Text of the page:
Ultimate Edition Linux 2.5

Some Linux distros sell themselves by being minimalistic. They only come with a limited range of apps and everything is geared toward keeping the file size and hardware requirements absolutely minimal. Then there’s Ultimate Edition 2.5. Ultimate Edition leans the other way and throws in everything including the kitchen sink.

Ultimate Edition 2.5 is based on Ubuntu 9.10 and it weighs in at a chunky 3.1GB. Clearly this is a distro you won’t be able to fit onto a CD. But that’s fine as long as you have a DVD and DVD burner available. This larger size is due to the fact that it comes with a lot of software (more on that in the software section).

Ultimate Edition 2.5 includes GNOME, KDE 4.3.2 and XFCE. You can choose which desktop environment you want to work in when you login.

What’s New In This Release
One of the things I hate about reviewing certain distros is when the folks who make the distro don’t have a “What’s New” page on their site or a file in the distro itself. It makes it hard for reviewers to know which new features are included in the distribution. I have to go running around trying to figure out what the significant new features are so I can include them in the review.

Despite checking the Ultimate Edition site and also looking in the forum, I was not able to find a complete list of what’s new in this release. Since it’s based on Ubuntu 9.10, Ultimate Edition 2.5 should have all of the new features of the generic Ubuntu release.

Nor was I able to find an email address to contact the developer to ask for more information and the forum link posted on the front page of the UE site led to a “topic does not exist” message.

I encourage the Ultimate Edition developers to include a brief summary of new features in future releases. It makes it a heck of a lot easier for reviewers to note them in the review.

After googling around, I finally tracked down what appears to be a list of some new features but it’s on the Softpedia site and not on the actual Ultimate Edition 2.5 site. Hmmm. Not exactly a good way of announcing what’s new to reviewers and users.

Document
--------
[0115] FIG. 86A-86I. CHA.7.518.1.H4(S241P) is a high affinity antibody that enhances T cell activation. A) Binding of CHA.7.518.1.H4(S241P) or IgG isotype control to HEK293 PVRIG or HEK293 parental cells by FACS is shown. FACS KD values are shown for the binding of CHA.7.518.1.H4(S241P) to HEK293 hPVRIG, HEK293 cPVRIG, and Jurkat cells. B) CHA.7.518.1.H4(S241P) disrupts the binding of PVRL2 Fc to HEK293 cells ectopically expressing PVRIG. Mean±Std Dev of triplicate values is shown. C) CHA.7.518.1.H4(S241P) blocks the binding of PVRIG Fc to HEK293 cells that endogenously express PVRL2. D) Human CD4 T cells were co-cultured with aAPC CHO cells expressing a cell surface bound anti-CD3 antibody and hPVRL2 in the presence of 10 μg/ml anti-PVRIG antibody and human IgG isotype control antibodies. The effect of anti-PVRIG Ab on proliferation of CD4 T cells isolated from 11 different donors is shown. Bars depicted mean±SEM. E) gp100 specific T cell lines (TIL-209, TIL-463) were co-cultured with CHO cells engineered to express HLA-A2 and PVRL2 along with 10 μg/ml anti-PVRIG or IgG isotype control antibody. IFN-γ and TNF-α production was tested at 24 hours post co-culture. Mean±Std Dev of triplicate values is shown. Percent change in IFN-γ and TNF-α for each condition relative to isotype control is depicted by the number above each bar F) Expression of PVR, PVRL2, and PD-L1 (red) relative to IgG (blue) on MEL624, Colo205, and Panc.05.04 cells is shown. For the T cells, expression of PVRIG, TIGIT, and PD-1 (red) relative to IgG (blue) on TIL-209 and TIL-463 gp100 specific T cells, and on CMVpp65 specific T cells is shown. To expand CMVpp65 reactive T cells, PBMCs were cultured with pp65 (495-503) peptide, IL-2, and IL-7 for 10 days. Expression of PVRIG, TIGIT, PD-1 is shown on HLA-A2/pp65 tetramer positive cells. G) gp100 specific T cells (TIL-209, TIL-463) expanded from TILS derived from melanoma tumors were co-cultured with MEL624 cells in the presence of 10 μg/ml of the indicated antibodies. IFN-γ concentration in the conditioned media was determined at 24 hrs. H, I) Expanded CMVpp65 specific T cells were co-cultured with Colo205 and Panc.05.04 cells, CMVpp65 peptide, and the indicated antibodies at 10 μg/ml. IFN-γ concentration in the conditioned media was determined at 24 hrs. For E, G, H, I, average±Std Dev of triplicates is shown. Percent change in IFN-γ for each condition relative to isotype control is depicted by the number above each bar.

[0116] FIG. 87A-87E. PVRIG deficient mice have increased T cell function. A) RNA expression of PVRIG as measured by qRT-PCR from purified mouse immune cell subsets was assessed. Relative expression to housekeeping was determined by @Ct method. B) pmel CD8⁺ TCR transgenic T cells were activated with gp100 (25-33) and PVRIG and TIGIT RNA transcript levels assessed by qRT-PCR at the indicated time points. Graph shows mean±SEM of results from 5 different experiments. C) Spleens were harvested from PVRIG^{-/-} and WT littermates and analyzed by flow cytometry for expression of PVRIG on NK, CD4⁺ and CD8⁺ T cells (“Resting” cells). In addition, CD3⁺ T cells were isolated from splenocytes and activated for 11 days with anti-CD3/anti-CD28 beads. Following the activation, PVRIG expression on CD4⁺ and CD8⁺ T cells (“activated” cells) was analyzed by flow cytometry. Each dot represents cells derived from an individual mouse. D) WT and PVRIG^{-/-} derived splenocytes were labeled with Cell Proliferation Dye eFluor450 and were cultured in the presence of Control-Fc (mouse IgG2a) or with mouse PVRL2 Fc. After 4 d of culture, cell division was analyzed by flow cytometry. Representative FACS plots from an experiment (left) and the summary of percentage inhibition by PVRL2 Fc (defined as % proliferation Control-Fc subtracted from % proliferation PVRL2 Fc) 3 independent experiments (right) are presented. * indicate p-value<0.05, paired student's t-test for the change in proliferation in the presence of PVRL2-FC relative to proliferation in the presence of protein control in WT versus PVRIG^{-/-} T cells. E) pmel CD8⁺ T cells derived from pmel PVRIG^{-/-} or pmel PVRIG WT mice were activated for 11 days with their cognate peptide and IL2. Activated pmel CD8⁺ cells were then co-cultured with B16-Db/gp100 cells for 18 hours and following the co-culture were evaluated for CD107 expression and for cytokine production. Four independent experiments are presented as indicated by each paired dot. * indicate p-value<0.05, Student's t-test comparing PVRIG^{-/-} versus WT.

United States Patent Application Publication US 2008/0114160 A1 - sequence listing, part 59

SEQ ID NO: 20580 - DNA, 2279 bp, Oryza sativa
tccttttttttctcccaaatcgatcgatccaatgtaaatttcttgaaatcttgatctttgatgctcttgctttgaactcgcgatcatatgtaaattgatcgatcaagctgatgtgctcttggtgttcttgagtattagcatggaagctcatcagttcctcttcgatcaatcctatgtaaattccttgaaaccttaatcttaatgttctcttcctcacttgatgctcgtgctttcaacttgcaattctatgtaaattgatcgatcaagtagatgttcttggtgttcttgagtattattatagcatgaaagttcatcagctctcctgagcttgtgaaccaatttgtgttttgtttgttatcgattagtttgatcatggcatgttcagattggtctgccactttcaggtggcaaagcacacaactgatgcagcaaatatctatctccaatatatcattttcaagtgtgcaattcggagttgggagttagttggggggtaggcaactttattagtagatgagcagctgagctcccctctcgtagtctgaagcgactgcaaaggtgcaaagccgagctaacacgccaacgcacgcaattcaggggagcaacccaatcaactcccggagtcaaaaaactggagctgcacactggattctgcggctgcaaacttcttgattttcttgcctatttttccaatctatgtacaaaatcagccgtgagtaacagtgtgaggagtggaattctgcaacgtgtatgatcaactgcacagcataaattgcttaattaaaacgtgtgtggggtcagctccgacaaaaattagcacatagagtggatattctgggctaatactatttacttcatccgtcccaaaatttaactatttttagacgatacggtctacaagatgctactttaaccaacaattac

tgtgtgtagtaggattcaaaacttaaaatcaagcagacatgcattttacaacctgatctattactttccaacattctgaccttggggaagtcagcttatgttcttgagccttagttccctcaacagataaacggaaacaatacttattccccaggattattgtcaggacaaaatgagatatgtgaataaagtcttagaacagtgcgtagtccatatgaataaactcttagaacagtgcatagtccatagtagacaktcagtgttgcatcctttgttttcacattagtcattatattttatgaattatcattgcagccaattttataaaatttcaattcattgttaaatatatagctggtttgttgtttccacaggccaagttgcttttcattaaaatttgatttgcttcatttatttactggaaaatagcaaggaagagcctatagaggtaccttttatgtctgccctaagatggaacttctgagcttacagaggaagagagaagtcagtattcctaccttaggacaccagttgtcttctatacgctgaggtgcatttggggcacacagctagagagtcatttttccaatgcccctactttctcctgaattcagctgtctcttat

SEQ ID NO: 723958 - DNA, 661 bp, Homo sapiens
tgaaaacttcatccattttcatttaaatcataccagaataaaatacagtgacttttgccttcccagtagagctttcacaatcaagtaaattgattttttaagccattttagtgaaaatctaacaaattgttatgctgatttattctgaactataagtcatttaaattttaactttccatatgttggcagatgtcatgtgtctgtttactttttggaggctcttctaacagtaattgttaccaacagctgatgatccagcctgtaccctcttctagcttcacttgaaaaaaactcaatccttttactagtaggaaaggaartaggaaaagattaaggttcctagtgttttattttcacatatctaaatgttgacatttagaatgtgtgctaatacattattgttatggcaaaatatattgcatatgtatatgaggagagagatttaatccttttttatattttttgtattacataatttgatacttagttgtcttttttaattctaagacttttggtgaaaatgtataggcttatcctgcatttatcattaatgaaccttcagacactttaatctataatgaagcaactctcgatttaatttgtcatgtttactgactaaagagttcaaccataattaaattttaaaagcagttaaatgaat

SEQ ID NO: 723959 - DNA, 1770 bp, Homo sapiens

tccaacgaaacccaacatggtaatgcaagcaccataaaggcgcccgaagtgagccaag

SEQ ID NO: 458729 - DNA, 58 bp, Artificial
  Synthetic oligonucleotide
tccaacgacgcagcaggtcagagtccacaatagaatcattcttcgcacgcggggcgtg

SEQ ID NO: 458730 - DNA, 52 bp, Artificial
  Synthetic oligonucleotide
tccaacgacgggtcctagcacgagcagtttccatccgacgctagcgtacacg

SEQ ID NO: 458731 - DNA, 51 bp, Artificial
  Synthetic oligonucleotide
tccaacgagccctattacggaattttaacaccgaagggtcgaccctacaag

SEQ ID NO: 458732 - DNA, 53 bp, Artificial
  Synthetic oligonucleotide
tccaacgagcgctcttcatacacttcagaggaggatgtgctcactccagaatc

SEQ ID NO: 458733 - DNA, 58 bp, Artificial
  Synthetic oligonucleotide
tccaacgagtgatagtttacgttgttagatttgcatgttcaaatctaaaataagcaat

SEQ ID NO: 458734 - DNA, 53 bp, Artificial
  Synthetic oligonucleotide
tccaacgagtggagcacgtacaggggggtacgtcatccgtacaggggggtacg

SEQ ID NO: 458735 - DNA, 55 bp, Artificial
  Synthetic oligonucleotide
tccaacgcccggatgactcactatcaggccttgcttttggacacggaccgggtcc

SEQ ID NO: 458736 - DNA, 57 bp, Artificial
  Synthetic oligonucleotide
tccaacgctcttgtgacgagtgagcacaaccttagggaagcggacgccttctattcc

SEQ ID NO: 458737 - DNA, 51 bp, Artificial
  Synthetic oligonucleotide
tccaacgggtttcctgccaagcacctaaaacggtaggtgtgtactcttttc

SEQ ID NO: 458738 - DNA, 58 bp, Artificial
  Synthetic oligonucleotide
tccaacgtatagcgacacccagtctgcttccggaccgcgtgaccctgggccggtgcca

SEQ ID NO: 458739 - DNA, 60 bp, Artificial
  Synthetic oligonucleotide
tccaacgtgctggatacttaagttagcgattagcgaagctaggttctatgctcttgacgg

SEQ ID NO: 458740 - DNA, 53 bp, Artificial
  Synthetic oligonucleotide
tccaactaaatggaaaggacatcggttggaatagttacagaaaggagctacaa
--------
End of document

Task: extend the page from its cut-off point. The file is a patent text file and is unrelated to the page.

Here’s what I found:

“Ultimate Edition 2.5 was built off Ultimate Edition 2.4 (Ubuntu Karmic 9.10 based) all upgrades pre-installed as of current. It has KDE, XFCE, and GNOME user selectable at login, 3 new themes and tons of apps. This release is huge obviously bigger then UE 2.4 ;) I am not going to spend my time writing a webpage, but just a post. Even though it is a very worthy release and deserves a webpage. I have alot on my plate in programming and other activities & I do mean alot. It has been out about a week, forum users have been grabbing it left and right.”

 

The Ultimate Edition 2.5 desktop using the UE 2.5 Gold theme.

The Ultimate Edition 2.5 desktop using the UE 2.5 Gold theme.

Hardware Requirements & Installation
Hardware Requirements

As with the “What’s New” information, I could not locate any Ultimate Edition 2.5 hardware requirements. So I’ll defer to the generic Ubuntu 9.10 hardware requirements:

Minimum System Requirements:
300 MHz x86 processor
64 MB of system memory (RAM)
At least 4 GB of disk space (for full installation and swap space)
VGA graphics card capable of 640×480 resolution
CD-ROM drive or network card

Recommended Requirements:
700 MHz x86 processor
384 MB of system memory (RAM)
8 GB of disk space
Graphics card capable of 1024×768 resolution
Sound card
A network or Internet connection

Note that according to the Ubuntu 9.10 release notes you actually need 256MB to run it not 64MB:

The minimum memory requirement for Ubuntu 9.10 is 256 MB of memory.

Perhaps it’s time for the Ubuntu developers to update their site to incorporate more accurate system requirements? I don’t know what it is with Linux developers and poor documentation about basic information such as What’s New and Hardware Requirements. Ugh.

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Comments

  1. says